Senate Democrats have changed a proposed statewide smoking ban in public places to cut a big campaign contributor a break, but some say the compromise still doesn't go far enough for the tavern industry.
The latest version of the bill approved by a Senate committee last week put the ban in effect in 2009, except for taverns and restaurants which would not be included until 2010.
Still not good enough, protests Democratic Senator Roger Breske, a former tavern owner and president of the Tavern League of Wisconsin. "The only way this bill should ever make it to the Governor's desk is with thoughtful compromise so that family businesses across Wisconsin are not wiped out almost overnight."
Between now and 2010 is hardly overnight. Might it be that Breske and others are really concerned about preserving the flow of campaign contributions from a large special interest contributor? After all, no further changes are needed to satisfy the general public. Polls consistently have put public support at about two-thirds for a smoking ban in public places.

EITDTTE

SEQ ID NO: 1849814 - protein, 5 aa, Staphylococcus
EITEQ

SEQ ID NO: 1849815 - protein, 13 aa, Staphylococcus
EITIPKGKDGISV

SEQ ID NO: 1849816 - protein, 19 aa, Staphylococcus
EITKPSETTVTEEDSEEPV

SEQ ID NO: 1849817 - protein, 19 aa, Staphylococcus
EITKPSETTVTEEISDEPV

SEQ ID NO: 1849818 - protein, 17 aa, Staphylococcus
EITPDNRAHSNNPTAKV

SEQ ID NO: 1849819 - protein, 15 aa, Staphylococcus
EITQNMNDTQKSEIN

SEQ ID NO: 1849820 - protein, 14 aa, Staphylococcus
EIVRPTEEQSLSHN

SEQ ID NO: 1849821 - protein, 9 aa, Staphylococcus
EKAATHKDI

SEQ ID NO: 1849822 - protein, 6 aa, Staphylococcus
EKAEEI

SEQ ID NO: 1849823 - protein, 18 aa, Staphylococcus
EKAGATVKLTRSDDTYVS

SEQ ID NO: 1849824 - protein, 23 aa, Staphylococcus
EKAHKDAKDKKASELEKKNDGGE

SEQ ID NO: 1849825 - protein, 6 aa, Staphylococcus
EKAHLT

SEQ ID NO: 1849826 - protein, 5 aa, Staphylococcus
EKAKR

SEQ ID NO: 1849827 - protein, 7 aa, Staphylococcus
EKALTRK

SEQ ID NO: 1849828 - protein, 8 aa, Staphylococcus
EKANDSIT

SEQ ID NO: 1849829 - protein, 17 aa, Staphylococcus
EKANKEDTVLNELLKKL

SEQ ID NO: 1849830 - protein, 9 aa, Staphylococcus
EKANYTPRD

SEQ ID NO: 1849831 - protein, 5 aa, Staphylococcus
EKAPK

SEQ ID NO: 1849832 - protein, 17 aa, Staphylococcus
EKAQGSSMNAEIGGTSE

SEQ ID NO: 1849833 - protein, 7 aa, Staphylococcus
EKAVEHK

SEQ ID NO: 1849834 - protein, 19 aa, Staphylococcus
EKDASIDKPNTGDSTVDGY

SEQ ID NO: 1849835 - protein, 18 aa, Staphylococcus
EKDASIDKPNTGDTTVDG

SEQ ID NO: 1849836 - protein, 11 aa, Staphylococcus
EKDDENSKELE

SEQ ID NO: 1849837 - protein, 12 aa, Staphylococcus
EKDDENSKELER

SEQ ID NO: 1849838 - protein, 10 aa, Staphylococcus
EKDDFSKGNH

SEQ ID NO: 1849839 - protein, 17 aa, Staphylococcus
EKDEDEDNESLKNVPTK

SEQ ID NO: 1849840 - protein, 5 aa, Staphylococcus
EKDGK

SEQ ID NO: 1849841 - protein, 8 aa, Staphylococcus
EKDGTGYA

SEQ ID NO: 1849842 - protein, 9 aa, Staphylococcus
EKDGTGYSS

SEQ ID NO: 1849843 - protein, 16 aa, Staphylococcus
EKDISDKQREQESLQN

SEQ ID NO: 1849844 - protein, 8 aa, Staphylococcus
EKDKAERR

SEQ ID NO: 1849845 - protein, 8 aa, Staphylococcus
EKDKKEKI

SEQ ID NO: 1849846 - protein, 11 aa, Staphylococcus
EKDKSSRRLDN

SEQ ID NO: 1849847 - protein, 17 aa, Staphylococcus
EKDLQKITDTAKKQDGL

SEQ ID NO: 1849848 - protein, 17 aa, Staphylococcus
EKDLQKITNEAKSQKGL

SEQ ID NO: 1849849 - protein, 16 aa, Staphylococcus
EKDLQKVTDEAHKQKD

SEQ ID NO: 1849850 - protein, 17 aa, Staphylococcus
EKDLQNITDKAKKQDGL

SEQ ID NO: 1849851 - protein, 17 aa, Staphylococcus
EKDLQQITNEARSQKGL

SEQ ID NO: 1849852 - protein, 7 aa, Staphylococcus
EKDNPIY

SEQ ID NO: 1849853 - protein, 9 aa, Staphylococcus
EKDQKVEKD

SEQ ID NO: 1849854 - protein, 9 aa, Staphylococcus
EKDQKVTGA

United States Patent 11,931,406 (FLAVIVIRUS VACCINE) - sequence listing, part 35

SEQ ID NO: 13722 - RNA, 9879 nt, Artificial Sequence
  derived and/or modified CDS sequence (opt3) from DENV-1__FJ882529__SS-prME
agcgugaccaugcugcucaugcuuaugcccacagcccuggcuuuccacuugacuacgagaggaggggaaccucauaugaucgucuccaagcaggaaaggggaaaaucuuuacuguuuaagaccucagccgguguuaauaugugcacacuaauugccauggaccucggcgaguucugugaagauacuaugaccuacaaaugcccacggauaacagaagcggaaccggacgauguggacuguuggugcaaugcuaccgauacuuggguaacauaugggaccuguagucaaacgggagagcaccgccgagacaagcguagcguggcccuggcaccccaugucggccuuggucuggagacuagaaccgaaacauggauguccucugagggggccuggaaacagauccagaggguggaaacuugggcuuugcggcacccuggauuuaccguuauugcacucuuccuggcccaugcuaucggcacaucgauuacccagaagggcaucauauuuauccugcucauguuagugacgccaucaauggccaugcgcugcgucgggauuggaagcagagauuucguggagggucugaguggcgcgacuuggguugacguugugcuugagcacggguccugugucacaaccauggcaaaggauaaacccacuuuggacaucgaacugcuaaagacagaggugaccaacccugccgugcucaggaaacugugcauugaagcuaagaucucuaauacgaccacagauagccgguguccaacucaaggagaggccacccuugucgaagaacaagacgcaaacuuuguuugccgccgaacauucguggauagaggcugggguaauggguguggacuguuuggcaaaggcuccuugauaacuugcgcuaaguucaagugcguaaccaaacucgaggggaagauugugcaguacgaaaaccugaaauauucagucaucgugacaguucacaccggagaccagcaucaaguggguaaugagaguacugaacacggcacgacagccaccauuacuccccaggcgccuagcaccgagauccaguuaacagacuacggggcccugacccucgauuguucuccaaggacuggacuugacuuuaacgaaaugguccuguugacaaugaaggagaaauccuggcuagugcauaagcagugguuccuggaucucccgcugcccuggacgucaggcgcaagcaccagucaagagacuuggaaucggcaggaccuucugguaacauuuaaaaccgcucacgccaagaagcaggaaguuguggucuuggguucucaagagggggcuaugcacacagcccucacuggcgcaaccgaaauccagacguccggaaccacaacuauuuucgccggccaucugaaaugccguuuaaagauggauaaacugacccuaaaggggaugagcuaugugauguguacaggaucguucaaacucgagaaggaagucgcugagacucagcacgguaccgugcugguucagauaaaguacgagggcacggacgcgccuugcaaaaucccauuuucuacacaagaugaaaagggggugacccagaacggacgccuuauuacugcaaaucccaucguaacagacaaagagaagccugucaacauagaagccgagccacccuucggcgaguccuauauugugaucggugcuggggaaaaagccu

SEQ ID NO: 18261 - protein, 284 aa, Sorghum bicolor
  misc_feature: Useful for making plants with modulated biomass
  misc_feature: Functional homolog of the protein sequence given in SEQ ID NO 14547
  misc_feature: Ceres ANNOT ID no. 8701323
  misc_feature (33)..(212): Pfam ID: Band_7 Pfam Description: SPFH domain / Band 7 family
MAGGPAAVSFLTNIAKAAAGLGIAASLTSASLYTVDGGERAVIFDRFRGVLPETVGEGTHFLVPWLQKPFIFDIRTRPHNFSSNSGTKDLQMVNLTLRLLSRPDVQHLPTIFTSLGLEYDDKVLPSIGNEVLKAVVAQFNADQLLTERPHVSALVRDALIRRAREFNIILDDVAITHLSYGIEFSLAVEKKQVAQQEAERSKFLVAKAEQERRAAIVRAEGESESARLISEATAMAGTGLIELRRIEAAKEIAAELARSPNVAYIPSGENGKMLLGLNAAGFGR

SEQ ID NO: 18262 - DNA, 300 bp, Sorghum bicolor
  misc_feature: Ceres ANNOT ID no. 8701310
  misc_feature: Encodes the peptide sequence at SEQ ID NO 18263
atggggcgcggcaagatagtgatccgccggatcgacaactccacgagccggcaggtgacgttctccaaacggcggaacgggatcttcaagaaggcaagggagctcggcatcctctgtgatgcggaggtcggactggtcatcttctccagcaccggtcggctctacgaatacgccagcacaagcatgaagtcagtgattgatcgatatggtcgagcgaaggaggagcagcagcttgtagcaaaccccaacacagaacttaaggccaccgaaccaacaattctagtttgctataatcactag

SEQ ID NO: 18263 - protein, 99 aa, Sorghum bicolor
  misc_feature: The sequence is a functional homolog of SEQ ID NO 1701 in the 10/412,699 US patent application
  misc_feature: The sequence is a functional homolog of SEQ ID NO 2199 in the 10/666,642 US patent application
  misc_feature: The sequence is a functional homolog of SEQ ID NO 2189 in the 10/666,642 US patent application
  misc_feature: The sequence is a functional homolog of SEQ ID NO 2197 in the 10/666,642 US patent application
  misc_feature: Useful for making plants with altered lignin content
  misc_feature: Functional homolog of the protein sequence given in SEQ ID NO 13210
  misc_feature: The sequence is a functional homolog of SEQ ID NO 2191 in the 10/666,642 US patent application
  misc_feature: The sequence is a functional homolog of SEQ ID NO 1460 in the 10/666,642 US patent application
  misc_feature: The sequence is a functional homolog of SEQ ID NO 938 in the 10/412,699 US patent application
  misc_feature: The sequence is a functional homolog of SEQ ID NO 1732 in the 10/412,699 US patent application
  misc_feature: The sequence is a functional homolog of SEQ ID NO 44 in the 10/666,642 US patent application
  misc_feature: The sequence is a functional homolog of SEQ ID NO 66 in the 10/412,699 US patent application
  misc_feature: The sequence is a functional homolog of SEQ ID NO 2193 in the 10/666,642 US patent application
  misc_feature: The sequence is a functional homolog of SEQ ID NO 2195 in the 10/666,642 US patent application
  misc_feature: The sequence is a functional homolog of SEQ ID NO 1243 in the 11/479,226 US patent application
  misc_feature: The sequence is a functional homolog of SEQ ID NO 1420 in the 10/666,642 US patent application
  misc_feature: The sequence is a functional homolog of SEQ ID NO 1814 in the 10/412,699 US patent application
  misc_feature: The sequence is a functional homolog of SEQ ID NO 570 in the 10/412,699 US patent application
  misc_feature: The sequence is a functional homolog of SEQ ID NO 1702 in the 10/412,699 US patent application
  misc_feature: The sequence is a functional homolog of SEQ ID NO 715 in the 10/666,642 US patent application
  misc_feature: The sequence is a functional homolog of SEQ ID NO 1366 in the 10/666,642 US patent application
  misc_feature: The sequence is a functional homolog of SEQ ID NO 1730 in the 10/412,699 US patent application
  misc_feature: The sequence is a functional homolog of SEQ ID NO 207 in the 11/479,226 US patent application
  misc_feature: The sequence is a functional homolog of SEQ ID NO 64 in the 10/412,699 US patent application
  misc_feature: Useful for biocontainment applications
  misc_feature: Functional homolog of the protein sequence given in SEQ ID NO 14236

The Tavern League, which wants bars exempted from smoking bans, and tavern owners contributed $294,745 to current legislators from 2003 through 2006.
Breske accepted $15,674 from tavern owners from 2003 through 2006, more than any other legislator. Second to Breske for tavern industry contributions among legislative Democrats for the period is Senate Majority Leader Russ Decker at $10,850.
Now Decker hints there may be further compromises, saying the committee's action "may lead us to a final compromise."
Republican Assembly Speaker Michael Huebsch doubts the smoking ban would go anywhere in the Assembly if it makes it out of the Senate. "It has an uphill battle in this house and in the Senate," he said in a recent interview.
Huebsch's 52-member Assembly Republican caucus which controls the Assembly collected $132,845 in contributions from tavern owners from 2003 through 2006 - far more than any of the other three caucuses.